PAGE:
By Samindra Kunti
April 29 – FIFA has taken the unusual step of signing a Memorandum of Understanding with one of its national associations, the Chinese Football Association (CFA), to boost the development of football in China.
The world governing body said the new partnership will aim to enhance football structures, management and technical aspects related to football in China. The MoU focused on the governance structure of the CFA, technical development at all levels, refereeing, professionalisation of football and event management.
FIFA president Gianni Infantino said: “It must be a priority of FIFA to ensure that the world’s most popular game keeps growing and developing in the world’s most populous country. Chinese football has been making strides for a long time now, and we are sure that, with this agreement, FIFA is in the position to provide a very tailored assistance for the game to evolve even further in China.”
China’s longstanding ambitions in the game are no secret. The country’s president Xi Jinping is a football fan and has expressed his desire for China to become a powerhouse in the global game, but Jinping’s idea of using football as a tool for soft power will require a long-term plan that the significant investment in the domestic league might not provide.
The Chinese Super League has risen to prominence, but at the grassroots level China still has a mountain to climb if they want to be competitive against the Asian elite and on the world stage. At the last Asian Cup a lackluster Chinese national team crashed out in the quarter-finals against Iran a in tie that highlighted the gulf in class between China and some of Asia’s top teams.
While on the pitch the only mark made by the Chinese has generally been in the transfer markets with some big money, big name signings for its CSL clubs, off it Chinese companies have quickly worked their way to the core of FIFA’s finances through sponsorship deals as the governing body suffered a downturn over the FIFAGate corruption scandal.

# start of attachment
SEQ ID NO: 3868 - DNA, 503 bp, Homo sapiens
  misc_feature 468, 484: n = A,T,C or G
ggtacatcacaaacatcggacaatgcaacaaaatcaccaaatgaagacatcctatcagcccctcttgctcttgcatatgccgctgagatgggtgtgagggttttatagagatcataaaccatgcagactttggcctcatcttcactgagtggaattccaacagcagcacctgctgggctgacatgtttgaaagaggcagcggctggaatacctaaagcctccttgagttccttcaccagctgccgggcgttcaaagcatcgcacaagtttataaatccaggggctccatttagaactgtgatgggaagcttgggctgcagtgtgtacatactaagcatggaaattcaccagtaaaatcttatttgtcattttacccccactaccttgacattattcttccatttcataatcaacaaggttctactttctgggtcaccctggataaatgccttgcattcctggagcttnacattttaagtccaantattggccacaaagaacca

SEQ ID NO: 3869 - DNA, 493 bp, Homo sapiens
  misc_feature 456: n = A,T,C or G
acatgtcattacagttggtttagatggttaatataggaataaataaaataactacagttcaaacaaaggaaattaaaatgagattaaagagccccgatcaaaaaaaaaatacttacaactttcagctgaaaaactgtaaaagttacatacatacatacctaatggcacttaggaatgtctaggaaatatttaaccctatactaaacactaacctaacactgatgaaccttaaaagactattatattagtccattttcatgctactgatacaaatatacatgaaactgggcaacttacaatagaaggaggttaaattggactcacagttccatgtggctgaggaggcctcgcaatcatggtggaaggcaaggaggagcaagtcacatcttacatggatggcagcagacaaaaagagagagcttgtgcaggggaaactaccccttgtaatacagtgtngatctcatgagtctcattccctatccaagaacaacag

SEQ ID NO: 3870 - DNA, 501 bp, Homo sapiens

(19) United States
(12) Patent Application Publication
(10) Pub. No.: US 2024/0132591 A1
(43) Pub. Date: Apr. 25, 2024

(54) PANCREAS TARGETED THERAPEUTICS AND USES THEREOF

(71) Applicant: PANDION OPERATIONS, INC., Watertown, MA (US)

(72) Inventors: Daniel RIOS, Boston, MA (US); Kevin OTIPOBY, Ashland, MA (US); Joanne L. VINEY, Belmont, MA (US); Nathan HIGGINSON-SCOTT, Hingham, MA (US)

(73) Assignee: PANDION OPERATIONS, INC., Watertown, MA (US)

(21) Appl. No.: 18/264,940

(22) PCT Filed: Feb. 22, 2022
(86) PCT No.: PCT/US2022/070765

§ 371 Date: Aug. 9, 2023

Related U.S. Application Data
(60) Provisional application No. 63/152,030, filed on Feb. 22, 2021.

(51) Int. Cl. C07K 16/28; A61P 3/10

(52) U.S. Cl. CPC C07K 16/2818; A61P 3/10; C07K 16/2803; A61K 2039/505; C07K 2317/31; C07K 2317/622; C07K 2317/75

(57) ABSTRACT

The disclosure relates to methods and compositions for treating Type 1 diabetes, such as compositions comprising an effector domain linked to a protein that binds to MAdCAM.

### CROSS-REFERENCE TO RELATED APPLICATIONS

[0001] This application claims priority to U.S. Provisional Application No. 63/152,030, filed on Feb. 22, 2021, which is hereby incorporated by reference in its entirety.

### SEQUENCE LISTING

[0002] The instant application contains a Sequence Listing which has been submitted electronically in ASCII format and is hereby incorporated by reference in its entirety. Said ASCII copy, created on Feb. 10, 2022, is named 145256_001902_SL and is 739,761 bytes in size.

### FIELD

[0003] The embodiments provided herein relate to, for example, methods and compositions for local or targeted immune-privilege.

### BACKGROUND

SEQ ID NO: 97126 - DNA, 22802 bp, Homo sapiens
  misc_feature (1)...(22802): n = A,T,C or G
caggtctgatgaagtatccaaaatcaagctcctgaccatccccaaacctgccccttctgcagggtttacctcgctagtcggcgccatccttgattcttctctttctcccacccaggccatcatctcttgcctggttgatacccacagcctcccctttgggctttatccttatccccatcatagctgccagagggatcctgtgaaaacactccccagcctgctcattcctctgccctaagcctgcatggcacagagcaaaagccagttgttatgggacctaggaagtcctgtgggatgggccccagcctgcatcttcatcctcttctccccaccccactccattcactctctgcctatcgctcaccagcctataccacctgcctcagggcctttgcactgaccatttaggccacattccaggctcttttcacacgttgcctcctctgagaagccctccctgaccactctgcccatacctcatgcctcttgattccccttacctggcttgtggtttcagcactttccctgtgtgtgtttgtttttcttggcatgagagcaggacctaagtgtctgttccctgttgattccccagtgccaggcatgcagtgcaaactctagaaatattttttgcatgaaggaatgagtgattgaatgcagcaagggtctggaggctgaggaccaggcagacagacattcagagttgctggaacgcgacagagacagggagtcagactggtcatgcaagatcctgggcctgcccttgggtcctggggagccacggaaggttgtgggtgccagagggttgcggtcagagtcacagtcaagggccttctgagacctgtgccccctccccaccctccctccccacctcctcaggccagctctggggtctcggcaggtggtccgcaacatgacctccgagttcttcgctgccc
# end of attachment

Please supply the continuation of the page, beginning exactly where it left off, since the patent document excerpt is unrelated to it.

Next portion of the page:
In 2016 Wanda became a top tier FIFA sponsor while a plethora of Chinese companies came in for Russia 2018 deals and regional World Cup partnerships to save face in what was looking like a particularly bleak sponsorship landscape.
China is expected to bid for the 2030 World Cup and perhaps land the tournament in what might well be seen as a tit-for-tat.
“As a big nation committed to the development of world football, China is willing to make its contributions while being integrated into the international football family,” said CFA acting president Du Zhaocai. “We look forward to receiving the continuous support from FIFA for our football development, which will further promote the development of the game worldwide.”
Generally these kinds of MoUs are signed between regional confederations or between national associations – bodies that have similar interests, face the same kinds of challenges and require similar solutions. Infantino and FIFA have aligned themselves not only with the world’s largest national population but, more cravenly, its biggest potential football cashcow.
Contact the writer of this story, Samindra Kunti, at moc.l1558495225labto1558495225ofdlr1558495225owedi1558495225sni@o1558495225fni1558495225